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Intensive Farming

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Many arguments exist concerning the issue of Intensive Farming. Emotional, sentimental and diverse views are, as always with a topic such as this, greatly prevalent. Perceptions simply containing arguments of animal welfare are many, however not all arguments fully acknowledge the pressures upon farmers to produce livestock by such means.

The processes used in intensive, or factory farming, have been developed over many years to cater for increasing demand for good quality, inexpensive foodstuffs. As the swell in the population of Scotland and the consequential increase in demand for food forced farmers to improve technological conditions in their farms in the nineteenth century, such pressures have also forced present day owners of agricultural land and livestock to improve their methods to increase production.

However, the pressures prevalent today are concerned mainly with availability of inexpensive products. Farmers have developed many new processes by which they rear livestock. For example, methods used in dairy farming have allowed for a large increase in productivity. This combined with selective breeding, aimed towards enhancing the milk producing capabilities of the dairy cow, has enabled farmers to gain greater returns from their animals. However, these methods have also been questionable with regard to animal welfare.

Most animals held on factory farms are forced to endure poor living conditions. The case of the battery hen is a particularly affecting one. Battery hens are among the most confined animals in modern farming. Chickens have no more than 51 by 46 centimetres of space in the cages in which they are kept. They cannot spread their wings, nor can they scratch or peck the ground on which they stand. As a result, the hens become distressed and attempt to peck one another instead. To combat this, farmers cut off the tips of chickens beaks, however they do not use any form of anaesthetic, thus causing great pain and distress to the chicken. These conditions are mirrored by the treatment of the pig, of which 80% are kept in intensive confinement. These pigs are then mutilated by tail docking and castration, again without the use of anaesthesia. These conditions are obvious causes of great distress to the animals.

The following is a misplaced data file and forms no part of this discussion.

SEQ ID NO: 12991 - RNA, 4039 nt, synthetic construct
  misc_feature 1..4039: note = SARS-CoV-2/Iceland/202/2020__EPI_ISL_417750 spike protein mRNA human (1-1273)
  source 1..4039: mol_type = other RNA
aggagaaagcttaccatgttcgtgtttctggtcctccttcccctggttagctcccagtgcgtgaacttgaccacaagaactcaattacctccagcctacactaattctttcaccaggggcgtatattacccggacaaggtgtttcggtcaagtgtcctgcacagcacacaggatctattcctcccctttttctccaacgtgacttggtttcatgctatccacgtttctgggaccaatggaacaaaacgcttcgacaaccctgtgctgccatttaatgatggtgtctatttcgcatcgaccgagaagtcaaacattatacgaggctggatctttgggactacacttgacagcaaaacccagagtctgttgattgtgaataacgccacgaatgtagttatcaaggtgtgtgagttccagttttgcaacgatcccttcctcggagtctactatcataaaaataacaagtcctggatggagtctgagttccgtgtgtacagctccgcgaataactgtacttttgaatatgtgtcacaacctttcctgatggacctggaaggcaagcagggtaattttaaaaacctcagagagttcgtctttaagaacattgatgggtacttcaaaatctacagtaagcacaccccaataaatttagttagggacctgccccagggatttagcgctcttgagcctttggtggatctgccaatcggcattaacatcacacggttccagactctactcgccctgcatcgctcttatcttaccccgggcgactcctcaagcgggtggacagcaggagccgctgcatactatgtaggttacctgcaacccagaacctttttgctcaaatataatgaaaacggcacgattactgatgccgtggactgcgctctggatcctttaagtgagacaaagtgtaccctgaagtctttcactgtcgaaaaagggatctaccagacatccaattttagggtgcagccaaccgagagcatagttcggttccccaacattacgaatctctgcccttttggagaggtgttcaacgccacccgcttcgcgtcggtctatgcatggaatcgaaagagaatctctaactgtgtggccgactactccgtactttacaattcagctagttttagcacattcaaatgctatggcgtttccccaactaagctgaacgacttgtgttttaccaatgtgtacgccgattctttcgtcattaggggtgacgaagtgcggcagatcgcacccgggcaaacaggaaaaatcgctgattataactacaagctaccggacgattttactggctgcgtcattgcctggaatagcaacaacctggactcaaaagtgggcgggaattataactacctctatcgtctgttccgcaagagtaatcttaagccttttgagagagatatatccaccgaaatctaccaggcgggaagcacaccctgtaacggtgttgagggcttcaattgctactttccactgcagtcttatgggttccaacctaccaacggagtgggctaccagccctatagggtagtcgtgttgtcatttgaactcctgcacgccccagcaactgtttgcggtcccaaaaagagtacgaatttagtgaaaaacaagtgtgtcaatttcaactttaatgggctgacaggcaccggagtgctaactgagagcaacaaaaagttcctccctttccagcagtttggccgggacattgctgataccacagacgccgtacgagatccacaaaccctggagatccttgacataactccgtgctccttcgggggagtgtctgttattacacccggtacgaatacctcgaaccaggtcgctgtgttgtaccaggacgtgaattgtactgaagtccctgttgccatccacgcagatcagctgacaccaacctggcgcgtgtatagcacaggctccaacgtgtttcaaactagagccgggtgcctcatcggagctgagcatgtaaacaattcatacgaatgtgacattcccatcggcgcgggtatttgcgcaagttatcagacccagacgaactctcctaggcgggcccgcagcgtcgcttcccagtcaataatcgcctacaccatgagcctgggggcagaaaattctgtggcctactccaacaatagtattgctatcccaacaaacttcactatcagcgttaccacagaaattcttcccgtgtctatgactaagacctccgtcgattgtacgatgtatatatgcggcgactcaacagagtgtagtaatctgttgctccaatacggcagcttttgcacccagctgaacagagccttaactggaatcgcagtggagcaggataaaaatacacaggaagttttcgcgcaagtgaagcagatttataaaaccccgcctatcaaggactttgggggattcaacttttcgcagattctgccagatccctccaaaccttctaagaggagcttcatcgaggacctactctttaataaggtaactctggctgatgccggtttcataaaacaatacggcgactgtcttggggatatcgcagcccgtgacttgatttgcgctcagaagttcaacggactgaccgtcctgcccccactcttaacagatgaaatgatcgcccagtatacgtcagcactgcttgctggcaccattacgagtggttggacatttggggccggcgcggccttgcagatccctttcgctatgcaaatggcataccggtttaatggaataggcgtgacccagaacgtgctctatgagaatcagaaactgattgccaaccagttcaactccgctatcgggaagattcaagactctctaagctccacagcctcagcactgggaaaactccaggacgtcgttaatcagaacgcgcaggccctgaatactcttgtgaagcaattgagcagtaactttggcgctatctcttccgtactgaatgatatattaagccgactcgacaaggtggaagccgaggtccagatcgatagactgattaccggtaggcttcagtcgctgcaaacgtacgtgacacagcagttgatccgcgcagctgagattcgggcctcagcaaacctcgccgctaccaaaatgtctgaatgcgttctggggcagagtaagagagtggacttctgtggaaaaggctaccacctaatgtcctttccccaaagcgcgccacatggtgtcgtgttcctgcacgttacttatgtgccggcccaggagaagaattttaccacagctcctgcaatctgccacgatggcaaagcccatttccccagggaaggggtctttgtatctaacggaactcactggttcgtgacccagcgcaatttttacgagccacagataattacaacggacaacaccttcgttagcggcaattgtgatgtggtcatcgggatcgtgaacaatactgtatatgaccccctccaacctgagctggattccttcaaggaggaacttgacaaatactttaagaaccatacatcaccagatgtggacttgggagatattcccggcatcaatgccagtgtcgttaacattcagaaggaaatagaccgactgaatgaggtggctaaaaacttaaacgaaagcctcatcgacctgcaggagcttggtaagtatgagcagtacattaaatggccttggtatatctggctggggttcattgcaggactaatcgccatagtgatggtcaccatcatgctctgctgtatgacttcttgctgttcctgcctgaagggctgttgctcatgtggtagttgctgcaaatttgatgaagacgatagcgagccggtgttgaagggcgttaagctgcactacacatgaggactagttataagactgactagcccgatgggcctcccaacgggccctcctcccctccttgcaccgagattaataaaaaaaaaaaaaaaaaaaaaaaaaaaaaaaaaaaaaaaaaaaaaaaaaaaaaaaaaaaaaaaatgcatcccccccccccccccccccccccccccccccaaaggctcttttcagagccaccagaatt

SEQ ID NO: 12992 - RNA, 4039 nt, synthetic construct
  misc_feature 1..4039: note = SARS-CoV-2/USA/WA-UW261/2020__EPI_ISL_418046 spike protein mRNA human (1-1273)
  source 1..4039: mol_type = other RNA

The effects of such treatment are great. For example, chickens kept in battery cages are vulnerable to fractures of their bones and skeletal frame because of their idleness. It has been also proven that selective breeding can have negative effects on the health and bodily fitness of later generations of farm animals. For example, dairy cattle have difficulty walking due to their large udders. The udder can also become infected with the pain inducing disease Mastitis. Specialist breeding also affects chickens. In broiler farms, chickens are bred so that their bodies grow to their full size within only 39 days. As a result of this greatly accelerated growth rate, the chickens legs become brittle and can suddenly snap, leaving the chicken lame and forcing the farmer to exterminate the chicken and sell it for a lesser fee.